The World Cup kicks off on Thursday night when hosts Russia face Saudi Arabia. It’s…
It’s always quite interesting to note how narratives build up steam throughout the World Cup. When it starts, we’re overrun with games of football and with back-to-back matches on our television there’s very little to talk about aside from, well, the football. But by the time we’ve got to the knock-out rounds gaps begin to emerge and daily discourse returns.
Like water through the cracks in a rock, each day off from the World Cup has allowed the media and wider public to take stock of the current layout of our surroundings. And what they have found is England in the semi-finals of the tournament and a largely hostile reaction to that north of the border.
Indeed, the “anyone but England” debate has kicked off in full swing over the past week or so as pundits and social media go hunting for reactions to their jubilee. Nothing fuels vindication like a scornful reaction and in Scotland, as ever, there has been a notable swell in support for Colombia, Sweden and now Croatia. Which has seemingly left some in complete disgust.
In the Spectator, Stephen Daisley took the well-trodden path of pointing out that if the situation was reversed and Scotland found themselves just one game away from a World Cup final the rest of the United Kingdom would be wholeheartedly in support of our success. “In Scotland,” writes Daisley “the dismal grunt of ‘Anyone but England’ (ABE) is the balm that soothes our aggrieved wee souls.”
And to an extent, he’s right. There’s no denying that plenty of Scots simply adore watching England fail. But what Daisley doesn’t pick up on is the fact that what he’s confusing for a bitter resentment is in fact – at least through the prism of sport – a simple execution of rivalry. Scots wish for English demise on the football pitch the same way Celtic fans support Aberdeen three or four times a year or when they play Rangers, or why most Hearts fans found themselves cheering on Rangers in the 2016 Scottish Cup final against Hibs. Football is a dance with one’s emotions and that often means an unbridled hatred for the other side within the confines of a football stadium.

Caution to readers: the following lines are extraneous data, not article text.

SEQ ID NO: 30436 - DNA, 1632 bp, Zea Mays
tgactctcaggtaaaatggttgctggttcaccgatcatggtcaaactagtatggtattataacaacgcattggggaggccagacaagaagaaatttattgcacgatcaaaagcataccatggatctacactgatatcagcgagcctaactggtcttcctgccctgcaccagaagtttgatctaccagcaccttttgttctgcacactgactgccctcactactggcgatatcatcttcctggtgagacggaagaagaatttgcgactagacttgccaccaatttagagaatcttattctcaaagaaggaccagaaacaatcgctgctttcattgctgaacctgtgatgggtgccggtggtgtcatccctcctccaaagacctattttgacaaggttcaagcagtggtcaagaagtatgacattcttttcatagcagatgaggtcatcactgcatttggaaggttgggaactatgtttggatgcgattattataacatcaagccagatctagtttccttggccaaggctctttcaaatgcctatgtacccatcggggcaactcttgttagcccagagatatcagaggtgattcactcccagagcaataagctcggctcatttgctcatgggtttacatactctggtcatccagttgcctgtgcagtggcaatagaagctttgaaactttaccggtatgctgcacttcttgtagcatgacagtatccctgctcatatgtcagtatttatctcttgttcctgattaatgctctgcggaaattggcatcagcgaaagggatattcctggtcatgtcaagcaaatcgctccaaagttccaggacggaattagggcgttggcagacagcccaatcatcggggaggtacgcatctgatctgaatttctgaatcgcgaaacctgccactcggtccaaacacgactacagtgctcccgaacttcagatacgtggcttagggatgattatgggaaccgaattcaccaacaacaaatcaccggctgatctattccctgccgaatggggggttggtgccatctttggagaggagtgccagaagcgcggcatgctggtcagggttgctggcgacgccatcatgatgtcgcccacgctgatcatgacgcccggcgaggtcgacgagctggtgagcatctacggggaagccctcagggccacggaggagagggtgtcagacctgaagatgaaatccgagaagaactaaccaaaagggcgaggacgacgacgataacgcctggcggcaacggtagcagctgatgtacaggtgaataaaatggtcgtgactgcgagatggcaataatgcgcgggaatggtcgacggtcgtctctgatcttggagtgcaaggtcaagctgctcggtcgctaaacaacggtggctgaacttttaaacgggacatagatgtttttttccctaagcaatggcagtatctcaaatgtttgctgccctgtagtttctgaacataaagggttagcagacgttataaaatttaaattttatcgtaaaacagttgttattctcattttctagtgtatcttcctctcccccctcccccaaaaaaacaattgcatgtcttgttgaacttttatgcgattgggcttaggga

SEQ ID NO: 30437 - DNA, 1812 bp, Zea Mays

An argument that suggests Scottish attitudes towards England are simply bitter because the much larger, southern nation doesn’t respond in kind is a failure to understand how rivalry works within football. England may not take much notice of Scotland’s evergreen rivalry towards it, just as Germany takes no notice of England’s entire footballing history being built around a supposed rivalry between the two nations. England fans sing about German bombers and always coming unstuck to their European counterparts, yet any German fan will tell you that they’re completely ambivalent towards the English. Germany’s beef lies with Holland and Italy, which was perfectly showcased when the German football magazine 11Freunde made a video in support of England going on to win the World Cup once their own nation had been knocked out.
Until Scotland can drag itself back towards something resembling moderate success within the world of international football, English football fans won’t care at all about their northern neighbours and may even support us on occasion. But that doesn’t mean Scottish attitudes should also change.
We now live in a world that gets streamlined through social media and that means every facet of our culture is exposed to the loud, echo chambers of the internet. Where once upon a time “anyone but England” was something scoffed at in Glasgow pubs, it’s now showcased around the world through videos, tweets and articles like this one. It turns a relatively harmless thing into a national debate. And once something is debated movements then begin to install any given argument as the cemented view that you must either agree or disagree with.
Anyone but England now feels like a political stance. In Scotland, you’re asked if you support Independence, Brexit, abortion, higher taxes and then whether or not you will support England if they reach the World Cup final. This not only has a dangerous side-effect when support for England is confused with unionism or indeed anti-SNP rhetoric but also defeats the entire point of football being a welcome escape from this crude, argumentative world.
Support England. Or don’t. The point is that it shouldn’t really matter one way or another.